How to End Every Meeting
Giving everyone a last word
Holacracy is a system for running an organization that we use here at Medium. This post is not about Holacracy, which you can learn more about from this collection or holacracy.org (and I recommend doing so). This post is about an idea you should steal from Holacracy.
The idea is simple:
End every meeting with a “closing round.”
In a closing round, you go around the room and give everyone a chance to comment on the meeting. There is no discussion or back-and-forth allowed. People tend to talk for less than 30 seconds (often a lot less), so you could close a large, 10-person meeting in less than five minutes.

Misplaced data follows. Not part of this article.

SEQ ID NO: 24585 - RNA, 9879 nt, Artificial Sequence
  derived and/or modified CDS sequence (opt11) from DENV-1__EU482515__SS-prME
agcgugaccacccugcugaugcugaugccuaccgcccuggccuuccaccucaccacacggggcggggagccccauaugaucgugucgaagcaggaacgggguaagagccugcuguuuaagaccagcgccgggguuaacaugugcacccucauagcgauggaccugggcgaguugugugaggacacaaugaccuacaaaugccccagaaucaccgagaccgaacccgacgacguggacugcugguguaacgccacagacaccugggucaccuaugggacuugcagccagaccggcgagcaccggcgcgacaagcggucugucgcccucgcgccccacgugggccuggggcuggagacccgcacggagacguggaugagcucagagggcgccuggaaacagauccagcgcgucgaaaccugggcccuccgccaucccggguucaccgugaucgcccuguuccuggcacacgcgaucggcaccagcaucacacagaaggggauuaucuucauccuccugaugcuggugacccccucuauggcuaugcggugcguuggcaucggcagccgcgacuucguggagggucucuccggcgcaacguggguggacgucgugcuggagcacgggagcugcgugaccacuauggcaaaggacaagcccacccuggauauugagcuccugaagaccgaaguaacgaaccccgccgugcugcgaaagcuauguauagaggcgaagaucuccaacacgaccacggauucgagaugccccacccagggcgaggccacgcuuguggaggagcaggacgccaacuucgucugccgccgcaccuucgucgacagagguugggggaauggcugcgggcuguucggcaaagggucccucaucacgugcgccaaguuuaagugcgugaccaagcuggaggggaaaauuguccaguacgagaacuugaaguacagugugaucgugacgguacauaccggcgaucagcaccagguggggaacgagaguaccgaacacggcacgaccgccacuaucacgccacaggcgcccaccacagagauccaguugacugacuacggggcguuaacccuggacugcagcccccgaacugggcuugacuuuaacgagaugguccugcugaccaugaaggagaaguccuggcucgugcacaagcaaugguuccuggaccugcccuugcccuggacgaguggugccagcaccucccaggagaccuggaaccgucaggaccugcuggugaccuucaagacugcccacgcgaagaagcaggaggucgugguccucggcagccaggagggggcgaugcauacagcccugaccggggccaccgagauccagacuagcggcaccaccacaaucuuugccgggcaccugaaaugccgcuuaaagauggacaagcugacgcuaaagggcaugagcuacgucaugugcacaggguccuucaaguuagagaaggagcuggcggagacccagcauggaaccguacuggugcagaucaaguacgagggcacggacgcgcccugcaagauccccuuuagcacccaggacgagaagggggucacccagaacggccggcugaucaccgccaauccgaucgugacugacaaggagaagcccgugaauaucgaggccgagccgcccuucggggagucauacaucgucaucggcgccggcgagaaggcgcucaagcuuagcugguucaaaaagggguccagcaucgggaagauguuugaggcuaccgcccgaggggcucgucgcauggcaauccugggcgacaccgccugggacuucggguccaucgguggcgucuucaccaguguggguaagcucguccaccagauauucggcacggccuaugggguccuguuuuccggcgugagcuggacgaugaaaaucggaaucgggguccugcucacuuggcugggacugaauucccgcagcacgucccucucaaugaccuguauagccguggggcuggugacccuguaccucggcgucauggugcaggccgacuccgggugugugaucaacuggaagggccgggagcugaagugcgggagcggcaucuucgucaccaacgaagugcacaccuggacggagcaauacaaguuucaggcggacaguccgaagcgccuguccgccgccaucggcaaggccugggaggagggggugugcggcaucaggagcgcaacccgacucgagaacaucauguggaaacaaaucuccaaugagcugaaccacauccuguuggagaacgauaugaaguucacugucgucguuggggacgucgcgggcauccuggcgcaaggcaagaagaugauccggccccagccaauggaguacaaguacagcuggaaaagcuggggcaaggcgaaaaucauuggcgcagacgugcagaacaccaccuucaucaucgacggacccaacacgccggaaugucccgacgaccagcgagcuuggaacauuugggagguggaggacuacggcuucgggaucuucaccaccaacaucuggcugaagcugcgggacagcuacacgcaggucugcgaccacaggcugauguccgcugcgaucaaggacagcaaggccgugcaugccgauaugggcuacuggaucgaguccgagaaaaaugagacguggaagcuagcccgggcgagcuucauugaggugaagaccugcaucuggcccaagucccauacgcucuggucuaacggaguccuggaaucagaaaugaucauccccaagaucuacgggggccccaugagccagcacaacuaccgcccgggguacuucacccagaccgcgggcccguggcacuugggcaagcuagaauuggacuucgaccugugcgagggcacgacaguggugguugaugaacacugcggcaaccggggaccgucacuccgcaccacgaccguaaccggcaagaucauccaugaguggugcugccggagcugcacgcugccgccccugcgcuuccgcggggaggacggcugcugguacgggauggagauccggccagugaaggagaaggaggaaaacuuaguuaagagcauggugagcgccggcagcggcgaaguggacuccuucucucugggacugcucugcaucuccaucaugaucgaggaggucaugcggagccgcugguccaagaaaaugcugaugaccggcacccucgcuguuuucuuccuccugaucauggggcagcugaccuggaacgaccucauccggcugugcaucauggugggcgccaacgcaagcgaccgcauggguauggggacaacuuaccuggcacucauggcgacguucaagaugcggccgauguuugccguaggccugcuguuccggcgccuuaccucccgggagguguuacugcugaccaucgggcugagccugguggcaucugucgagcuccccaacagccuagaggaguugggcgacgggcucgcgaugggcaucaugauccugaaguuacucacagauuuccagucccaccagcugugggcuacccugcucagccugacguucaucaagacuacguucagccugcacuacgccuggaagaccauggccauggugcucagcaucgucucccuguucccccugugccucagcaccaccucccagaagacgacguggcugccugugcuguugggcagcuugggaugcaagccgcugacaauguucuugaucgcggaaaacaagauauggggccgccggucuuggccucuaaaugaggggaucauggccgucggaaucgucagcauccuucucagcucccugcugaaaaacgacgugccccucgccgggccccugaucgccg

An example closing-round comment might be something like:
“Good meeting. I’m glad we got a chance to finally discuss the Flimflam situation, because that’s been bothering me. Next time, I think we could be crisper with our status updates, so we can get to the meat faster.”
The closing round is worth doing, because it gives everyone, in a sense, a “last word”—the chance to get something off their chest that they might otherwise carry around or whisper to their colleagues later. It creates more mindfulness about what just happened—and how things might go better next time. And it lets you know where the group is at emotionally, as well as potential issues to follow up on that weren’t strictly part of the proceedings.
Above all, closing rounds are usually fun and positive. Jokes are made. Thanks are given. Excitement is expressed. In my book, that’s a better way to end than a general trailing off or listing of action items.